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If you turn your horses out through winter, or they live out in muddy conditions, my top tip is PIG OIL. You may already use this, and I hope a lot of you do. Of course, if you do then you will completely agree with me, or you wouldn’t be using it. And if you don’t use it –  Go out and try it!
This is the best way to prevent mud fever, and if you have a hairy cob then it’s also great for preventing bog burnt feathers. The pig oil acts as a water repellent barrier and the mud just slides of the legs. I have always used pig oil on Bailey, and a mixture of pig oil and sulphur on my cobs. The one year I didn’t, the cobs came out of winter without feathers, and the finer horses with mud fever.
There are many different brands that now sell this, with the only difference being price. I buy mine from “The Pig Oil Company”, which I think is by far the best value for money and has a fast delivery service. Don’t worry, there is no difference between the pink and black labels, this is just a colour option they provide you; Pink for girls, black for boys!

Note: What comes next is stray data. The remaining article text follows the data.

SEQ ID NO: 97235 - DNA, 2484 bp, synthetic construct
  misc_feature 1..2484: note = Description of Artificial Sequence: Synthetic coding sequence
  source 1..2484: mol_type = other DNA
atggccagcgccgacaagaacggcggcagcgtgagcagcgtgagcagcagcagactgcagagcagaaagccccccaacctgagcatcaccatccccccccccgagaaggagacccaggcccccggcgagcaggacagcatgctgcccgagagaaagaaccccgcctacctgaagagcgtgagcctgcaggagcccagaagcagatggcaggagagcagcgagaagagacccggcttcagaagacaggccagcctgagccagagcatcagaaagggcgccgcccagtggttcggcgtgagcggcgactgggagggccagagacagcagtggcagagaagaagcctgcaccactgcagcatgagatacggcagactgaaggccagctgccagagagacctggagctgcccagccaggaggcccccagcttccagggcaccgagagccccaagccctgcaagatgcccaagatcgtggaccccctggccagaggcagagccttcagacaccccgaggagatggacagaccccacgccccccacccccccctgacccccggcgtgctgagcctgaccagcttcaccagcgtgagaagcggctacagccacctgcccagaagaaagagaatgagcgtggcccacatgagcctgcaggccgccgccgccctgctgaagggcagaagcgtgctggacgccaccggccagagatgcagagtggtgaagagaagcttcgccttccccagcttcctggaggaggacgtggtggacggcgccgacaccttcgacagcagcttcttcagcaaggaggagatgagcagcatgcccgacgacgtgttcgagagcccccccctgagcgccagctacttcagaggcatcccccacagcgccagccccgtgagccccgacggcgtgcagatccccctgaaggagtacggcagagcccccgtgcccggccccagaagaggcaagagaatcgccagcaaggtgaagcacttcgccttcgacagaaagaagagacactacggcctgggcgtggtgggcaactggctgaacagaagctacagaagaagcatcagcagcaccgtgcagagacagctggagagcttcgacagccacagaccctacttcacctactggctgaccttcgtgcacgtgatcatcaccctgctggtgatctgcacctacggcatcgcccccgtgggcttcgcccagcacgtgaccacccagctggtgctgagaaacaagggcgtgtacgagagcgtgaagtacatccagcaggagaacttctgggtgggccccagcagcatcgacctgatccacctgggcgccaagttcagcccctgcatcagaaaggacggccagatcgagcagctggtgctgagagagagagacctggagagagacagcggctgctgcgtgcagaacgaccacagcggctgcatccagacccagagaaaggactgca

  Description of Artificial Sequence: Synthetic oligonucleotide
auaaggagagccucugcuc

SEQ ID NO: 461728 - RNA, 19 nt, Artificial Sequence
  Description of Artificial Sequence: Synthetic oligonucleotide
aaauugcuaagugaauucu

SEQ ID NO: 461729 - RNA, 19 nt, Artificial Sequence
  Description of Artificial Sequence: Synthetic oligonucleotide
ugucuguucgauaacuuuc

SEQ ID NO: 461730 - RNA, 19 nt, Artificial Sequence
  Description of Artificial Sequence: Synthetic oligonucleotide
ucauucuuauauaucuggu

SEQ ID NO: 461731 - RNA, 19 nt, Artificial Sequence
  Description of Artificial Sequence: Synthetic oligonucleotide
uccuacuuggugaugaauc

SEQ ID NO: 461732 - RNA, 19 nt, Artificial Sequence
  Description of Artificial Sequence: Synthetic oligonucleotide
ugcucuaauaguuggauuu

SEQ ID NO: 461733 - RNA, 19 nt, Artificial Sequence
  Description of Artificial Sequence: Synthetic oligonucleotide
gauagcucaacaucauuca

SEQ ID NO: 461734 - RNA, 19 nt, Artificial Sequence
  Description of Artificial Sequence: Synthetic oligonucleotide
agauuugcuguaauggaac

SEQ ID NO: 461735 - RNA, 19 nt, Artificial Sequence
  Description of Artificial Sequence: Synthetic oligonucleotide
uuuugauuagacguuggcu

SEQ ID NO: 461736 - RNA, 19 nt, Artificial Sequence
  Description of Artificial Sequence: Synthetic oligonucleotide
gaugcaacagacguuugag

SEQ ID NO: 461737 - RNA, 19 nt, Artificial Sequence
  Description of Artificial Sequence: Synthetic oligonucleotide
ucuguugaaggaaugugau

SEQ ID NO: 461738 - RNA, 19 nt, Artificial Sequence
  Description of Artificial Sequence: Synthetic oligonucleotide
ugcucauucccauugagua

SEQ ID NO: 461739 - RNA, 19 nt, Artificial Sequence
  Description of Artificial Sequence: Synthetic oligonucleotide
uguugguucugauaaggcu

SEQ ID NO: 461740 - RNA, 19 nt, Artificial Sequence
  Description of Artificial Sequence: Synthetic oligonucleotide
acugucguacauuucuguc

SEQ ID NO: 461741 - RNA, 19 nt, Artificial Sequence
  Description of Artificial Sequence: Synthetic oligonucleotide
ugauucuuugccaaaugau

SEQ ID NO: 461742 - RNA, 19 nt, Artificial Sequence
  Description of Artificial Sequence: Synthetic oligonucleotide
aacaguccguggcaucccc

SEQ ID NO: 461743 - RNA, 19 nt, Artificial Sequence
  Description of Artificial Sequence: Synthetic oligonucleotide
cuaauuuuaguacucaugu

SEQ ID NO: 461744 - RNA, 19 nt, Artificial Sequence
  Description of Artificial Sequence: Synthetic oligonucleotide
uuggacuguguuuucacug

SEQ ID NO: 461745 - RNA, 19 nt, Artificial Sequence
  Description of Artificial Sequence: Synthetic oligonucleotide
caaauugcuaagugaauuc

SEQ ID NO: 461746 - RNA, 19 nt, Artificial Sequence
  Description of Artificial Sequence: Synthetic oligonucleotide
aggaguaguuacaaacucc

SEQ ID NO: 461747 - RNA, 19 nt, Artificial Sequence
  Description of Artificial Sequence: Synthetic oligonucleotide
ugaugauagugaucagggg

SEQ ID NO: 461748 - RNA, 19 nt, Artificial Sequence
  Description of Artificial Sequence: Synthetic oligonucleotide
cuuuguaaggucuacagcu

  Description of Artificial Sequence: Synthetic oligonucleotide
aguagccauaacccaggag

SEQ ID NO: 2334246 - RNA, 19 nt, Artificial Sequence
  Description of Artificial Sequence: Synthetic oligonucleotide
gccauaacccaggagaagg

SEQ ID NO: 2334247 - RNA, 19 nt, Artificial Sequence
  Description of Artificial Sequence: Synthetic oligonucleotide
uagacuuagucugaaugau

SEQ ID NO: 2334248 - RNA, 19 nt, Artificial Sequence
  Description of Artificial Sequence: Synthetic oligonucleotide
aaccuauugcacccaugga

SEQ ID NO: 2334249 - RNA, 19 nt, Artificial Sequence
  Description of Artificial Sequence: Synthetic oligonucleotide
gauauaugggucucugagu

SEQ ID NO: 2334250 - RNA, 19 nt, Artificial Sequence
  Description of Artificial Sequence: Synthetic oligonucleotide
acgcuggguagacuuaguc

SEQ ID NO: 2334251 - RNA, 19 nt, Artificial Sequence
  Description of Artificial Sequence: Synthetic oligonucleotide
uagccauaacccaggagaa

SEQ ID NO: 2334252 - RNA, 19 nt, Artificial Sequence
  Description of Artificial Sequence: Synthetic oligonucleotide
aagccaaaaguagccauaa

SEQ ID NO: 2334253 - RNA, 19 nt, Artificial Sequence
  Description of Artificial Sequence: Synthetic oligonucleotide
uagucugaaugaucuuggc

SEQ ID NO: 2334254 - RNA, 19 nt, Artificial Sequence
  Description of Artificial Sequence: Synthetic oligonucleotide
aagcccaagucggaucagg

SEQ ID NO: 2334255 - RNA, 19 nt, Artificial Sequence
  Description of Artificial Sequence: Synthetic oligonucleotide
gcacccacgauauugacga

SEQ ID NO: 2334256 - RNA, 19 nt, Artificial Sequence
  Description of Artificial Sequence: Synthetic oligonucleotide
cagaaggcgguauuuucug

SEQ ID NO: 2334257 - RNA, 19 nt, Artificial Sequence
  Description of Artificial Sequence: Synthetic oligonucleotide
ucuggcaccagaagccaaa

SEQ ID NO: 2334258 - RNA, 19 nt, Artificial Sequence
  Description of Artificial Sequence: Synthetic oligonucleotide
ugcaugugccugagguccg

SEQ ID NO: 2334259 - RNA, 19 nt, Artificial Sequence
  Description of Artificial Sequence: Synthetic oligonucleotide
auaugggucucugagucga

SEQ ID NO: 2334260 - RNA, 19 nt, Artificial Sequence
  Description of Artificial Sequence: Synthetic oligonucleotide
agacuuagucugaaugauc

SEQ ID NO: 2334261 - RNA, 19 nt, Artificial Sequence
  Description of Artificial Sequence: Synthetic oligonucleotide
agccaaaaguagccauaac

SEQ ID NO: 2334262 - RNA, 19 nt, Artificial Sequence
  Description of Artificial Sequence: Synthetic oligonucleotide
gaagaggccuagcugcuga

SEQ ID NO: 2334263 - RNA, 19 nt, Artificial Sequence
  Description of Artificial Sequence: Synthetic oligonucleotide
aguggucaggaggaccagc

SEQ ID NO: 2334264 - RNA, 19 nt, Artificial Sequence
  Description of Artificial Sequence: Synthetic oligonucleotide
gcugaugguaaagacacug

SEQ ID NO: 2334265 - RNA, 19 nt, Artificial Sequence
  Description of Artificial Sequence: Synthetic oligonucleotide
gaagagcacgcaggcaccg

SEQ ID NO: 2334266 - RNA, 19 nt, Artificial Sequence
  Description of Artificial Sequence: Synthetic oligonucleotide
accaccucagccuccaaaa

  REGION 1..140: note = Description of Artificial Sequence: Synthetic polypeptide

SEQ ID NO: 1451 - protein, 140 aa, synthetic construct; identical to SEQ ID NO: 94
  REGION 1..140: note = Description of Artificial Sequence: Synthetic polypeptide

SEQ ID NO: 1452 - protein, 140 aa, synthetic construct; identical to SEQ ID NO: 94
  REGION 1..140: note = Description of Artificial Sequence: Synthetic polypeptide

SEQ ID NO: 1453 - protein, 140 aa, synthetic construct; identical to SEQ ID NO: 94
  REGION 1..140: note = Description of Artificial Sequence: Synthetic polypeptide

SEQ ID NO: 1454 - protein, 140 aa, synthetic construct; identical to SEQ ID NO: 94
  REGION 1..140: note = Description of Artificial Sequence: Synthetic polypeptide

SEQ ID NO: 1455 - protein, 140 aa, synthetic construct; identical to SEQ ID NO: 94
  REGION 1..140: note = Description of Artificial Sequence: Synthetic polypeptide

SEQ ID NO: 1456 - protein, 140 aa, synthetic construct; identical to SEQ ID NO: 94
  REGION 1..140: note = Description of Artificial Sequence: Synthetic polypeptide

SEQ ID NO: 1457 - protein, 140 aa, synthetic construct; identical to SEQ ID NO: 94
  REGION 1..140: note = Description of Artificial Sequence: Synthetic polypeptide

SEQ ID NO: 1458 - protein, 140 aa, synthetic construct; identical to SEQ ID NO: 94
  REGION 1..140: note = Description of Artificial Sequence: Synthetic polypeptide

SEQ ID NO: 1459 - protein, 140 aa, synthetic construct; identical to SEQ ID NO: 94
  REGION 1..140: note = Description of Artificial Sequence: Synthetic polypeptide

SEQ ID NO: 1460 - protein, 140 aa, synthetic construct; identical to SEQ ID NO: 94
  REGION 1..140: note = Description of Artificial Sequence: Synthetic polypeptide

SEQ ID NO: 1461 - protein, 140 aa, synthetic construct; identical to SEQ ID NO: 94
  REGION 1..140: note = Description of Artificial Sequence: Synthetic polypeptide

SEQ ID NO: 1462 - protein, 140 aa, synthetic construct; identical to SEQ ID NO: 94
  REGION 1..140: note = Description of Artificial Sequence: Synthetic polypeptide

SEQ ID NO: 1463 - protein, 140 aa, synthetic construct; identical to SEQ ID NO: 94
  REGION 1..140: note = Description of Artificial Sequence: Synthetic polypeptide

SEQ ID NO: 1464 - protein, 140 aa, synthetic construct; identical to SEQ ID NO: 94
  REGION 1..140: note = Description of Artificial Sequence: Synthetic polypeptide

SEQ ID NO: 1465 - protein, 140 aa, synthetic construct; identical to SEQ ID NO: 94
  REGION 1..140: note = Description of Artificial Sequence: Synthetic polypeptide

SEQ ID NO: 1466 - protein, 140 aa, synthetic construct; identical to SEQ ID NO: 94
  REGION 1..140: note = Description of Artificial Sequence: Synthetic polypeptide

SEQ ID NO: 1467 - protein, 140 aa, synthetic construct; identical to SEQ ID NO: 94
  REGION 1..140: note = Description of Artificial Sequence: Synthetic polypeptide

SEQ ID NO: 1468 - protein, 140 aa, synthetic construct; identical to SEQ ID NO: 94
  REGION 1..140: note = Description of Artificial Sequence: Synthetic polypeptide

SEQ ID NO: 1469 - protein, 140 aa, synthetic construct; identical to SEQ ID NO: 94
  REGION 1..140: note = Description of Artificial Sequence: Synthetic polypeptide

I buy one of each in 5L bottles and have two ways of applying it. For the horses with feathers I fill up an old washing up bottle, then I can squeeze it onto the skin for the feathers. For the non-hairy legs, I pour it into a spray bottle and spray the legs. I only apply it once a week or once every other week, depending on the weather, and I always wear gloves as I really don’t like it on my hands!
The sulphur helps kill mites and is an anti-bacterial agent too. Due to the yellow colouring of the sulphur, it will give white legs a slightly yellow tinge - but fear not! When you wash it off they always come out gleaming!
Every brand does spray bottles, which tends to add up over time, so I suggest buying a bigger bottle to save money.
There are plenty of places that stock it, and I suggest doing your own research on price in your local area, but I buy mine from these guys >

Rachael Skinner - Eventful Eventing
Horsemart Brand Ambassador
Published on 15-10-2019
Rachael is an amateur Event rider from Kent and Bailey is a 7 year old 17hh gelding, and together they go by the name of Eventful Eventing. Rachael says "I may not be at the top of the game, doing 4 star Eventing, but I am a realist. I like to include the lows as well as the highs in training and competing, and general yard to yard activities. Although our main aim is within Eventing, I like to dabble in other disciplines too."